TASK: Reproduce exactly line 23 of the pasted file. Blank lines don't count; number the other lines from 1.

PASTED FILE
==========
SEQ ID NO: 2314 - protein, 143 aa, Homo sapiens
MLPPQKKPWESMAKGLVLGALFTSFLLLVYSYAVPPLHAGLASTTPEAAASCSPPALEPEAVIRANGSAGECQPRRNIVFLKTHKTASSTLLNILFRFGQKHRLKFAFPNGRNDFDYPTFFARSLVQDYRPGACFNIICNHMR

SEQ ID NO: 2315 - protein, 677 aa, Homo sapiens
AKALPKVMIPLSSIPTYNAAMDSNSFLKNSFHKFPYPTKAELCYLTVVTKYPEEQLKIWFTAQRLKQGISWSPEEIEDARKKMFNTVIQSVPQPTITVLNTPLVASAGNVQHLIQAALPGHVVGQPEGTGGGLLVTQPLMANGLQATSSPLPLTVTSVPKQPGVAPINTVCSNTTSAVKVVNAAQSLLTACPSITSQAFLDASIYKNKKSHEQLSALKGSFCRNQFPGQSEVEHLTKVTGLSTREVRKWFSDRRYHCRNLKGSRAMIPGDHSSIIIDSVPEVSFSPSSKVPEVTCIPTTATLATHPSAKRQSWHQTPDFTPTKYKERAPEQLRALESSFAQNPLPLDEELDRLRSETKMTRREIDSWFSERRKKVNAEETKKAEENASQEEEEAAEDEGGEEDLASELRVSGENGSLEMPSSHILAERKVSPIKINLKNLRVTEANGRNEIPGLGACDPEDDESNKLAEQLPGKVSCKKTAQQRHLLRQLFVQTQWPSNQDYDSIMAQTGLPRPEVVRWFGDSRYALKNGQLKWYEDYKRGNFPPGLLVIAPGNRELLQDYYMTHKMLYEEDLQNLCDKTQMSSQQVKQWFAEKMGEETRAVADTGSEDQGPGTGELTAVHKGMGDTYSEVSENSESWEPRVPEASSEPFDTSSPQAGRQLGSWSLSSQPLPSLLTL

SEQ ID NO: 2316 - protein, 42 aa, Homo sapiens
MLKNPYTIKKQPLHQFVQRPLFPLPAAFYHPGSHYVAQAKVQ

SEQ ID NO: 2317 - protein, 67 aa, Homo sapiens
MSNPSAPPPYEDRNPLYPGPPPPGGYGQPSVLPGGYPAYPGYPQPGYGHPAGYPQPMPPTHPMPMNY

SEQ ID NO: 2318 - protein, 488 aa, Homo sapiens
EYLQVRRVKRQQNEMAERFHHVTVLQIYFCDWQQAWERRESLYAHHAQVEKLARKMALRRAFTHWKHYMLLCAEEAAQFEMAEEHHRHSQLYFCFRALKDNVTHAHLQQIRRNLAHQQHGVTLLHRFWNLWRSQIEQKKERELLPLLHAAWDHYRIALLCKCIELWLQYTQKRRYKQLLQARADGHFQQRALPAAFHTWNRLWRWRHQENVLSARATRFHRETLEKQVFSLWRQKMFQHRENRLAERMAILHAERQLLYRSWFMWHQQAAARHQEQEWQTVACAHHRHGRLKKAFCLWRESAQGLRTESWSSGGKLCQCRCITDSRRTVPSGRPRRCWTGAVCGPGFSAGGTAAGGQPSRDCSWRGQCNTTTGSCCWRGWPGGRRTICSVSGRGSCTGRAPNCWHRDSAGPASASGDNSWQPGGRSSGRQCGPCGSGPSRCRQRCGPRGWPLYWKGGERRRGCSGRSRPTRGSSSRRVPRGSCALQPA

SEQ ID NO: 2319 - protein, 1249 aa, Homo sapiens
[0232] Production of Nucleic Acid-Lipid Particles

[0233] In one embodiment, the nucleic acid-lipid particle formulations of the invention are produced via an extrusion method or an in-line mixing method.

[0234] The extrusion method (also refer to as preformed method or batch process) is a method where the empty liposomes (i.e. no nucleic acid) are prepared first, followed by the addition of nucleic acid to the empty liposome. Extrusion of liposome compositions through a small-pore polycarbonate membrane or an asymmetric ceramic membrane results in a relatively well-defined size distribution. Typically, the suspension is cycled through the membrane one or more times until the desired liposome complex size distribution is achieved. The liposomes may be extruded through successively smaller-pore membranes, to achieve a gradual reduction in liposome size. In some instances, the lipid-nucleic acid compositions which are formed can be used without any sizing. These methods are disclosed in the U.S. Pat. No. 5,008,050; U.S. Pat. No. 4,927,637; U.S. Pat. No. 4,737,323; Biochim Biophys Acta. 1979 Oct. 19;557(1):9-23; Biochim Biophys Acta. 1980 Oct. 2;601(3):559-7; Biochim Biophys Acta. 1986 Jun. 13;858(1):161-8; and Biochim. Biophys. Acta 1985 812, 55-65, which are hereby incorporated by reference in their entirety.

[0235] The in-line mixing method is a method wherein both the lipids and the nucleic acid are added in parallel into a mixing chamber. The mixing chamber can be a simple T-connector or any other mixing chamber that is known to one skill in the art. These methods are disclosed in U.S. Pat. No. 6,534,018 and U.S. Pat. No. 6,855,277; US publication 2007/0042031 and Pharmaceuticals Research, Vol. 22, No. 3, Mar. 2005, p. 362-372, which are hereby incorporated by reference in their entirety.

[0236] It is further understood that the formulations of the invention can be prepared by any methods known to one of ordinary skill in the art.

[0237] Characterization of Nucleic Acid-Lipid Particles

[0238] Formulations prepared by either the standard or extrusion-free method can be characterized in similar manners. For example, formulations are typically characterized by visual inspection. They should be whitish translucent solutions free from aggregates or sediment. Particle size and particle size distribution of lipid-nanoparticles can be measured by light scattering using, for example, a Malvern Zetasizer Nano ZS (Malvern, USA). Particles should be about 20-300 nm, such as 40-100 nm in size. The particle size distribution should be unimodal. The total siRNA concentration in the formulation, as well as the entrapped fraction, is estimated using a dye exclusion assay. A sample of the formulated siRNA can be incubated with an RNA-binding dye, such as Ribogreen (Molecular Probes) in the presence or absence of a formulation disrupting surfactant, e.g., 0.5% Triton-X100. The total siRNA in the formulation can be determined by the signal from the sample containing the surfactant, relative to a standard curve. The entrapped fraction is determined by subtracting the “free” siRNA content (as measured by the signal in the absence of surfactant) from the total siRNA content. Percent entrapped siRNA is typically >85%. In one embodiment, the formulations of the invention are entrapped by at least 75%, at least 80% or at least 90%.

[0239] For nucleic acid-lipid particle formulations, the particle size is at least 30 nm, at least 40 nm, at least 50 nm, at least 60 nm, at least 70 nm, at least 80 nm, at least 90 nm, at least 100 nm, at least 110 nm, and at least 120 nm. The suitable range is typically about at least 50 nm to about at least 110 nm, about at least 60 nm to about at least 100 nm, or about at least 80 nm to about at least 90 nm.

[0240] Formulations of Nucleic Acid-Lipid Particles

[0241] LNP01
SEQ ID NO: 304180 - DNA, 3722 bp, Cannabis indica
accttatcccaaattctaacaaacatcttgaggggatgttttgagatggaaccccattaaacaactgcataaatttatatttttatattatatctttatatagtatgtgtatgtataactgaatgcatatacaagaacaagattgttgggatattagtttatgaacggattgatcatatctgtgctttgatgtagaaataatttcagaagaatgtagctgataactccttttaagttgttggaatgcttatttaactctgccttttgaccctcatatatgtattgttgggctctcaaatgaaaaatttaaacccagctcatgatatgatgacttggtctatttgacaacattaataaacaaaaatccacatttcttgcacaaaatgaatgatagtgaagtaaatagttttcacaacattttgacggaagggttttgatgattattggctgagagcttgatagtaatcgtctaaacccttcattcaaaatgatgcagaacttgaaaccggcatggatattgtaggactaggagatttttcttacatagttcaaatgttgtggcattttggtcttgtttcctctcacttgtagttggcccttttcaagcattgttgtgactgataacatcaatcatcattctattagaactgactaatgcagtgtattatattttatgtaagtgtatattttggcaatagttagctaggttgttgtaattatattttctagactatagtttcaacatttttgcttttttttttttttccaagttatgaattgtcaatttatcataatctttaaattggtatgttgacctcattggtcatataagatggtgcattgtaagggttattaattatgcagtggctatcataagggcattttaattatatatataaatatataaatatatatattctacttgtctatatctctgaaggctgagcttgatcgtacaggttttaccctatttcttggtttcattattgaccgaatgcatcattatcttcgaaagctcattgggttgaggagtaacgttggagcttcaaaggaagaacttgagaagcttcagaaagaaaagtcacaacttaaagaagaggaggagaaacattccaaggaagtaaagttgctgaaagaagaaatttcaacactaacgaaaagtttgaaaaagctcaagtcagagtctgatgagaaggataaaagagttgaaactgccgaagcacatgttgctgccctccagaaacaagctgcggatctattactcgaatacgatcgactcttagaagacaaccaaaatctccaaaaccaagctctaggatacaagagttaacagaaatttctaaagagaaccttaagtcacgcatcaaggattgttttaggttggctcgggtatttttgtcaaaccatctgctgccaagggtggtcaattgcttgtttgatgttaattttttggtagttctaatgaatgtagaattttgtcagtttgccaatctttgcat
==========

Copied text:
accttatcccaaattctaacaaacatcttgaggggatgttttgagatggaaccccattaaacaactgcataaatttatatttttatattatatctttatatagtatgtgtatgtataactgaatgcatatacaagaacaagattgttgggatattagtttatgaacggattgatcatatctgtgctttgatgtagaaataatttcagaagaatgtagctgataactccttttaagttgttggaatgcttatttaactctgccttttgaccctcatatatgtattgttgggctctcaaatgaaaaatttaaacccagctcatgatatgatgacttggtctatttgacaacattaataaacaaaaatccacatttcttgcacaaaatgaatgatagtgaagtaaatagttttcacaacattttgacggaagggttttgatgattattggctgagagcttgatagtaatcgtctaaacccttcattcaaaatgatgcagaacttgaaaccggcatggatattgtaggactaggagatttttcttacatagttcaaatgttgtggcattttggtcttgtttcctctcacttgtagttggcccttttcaagcattgttgtgactgataacatcaatcatcattctattagaactgactaatgcagtgtattatattttatgtaagtgtatattttggcaatagttagctaggttgttgtaattatattttctagactatagtttcaacatttttgcttttttttttttttccaagttatgaattgtcaatttatcataatctttaaattggtatgttgacctcattggtcatataagatggtgcattgtaagggttattaattatgcagtggctatcataagggcattttaattatatatataaatatataaatatatatattctacttgtctatatctctgaaggctgagcttgatcgtacaggttttaccctatttcttggtttcattattgaccgaatgcatcattatcttcgaaagctcattgggttgaggagtaacgttggagcttcaaaggaagaacttgagaagcttcagaaagaaaagtcacaacttaaagaagaggaggagaaacattccaaggaagtaaagttgctgaaagaagaaatttcaacactaacgaaaagtttgaaaaagctcaagtcagagtctgatgagaaggataaaagagttgaaactgccgaagcacatgttgctgccctccagaaacaagctgcggatctattactcgaatacgatcgactcttagaagacaaccaaaatctccaaaaccaagctctaggatacaagagttaacagaaatttctaaagagaaccttaagtcacgcatcaaggattgttttaggttggctcgggtatttttgtcaaaccatctgctgccaagggtggtcaattgcttgtttgatgttaattttttggtagttctaatgaatgtagaattttgtcagtttgccaatctttgcat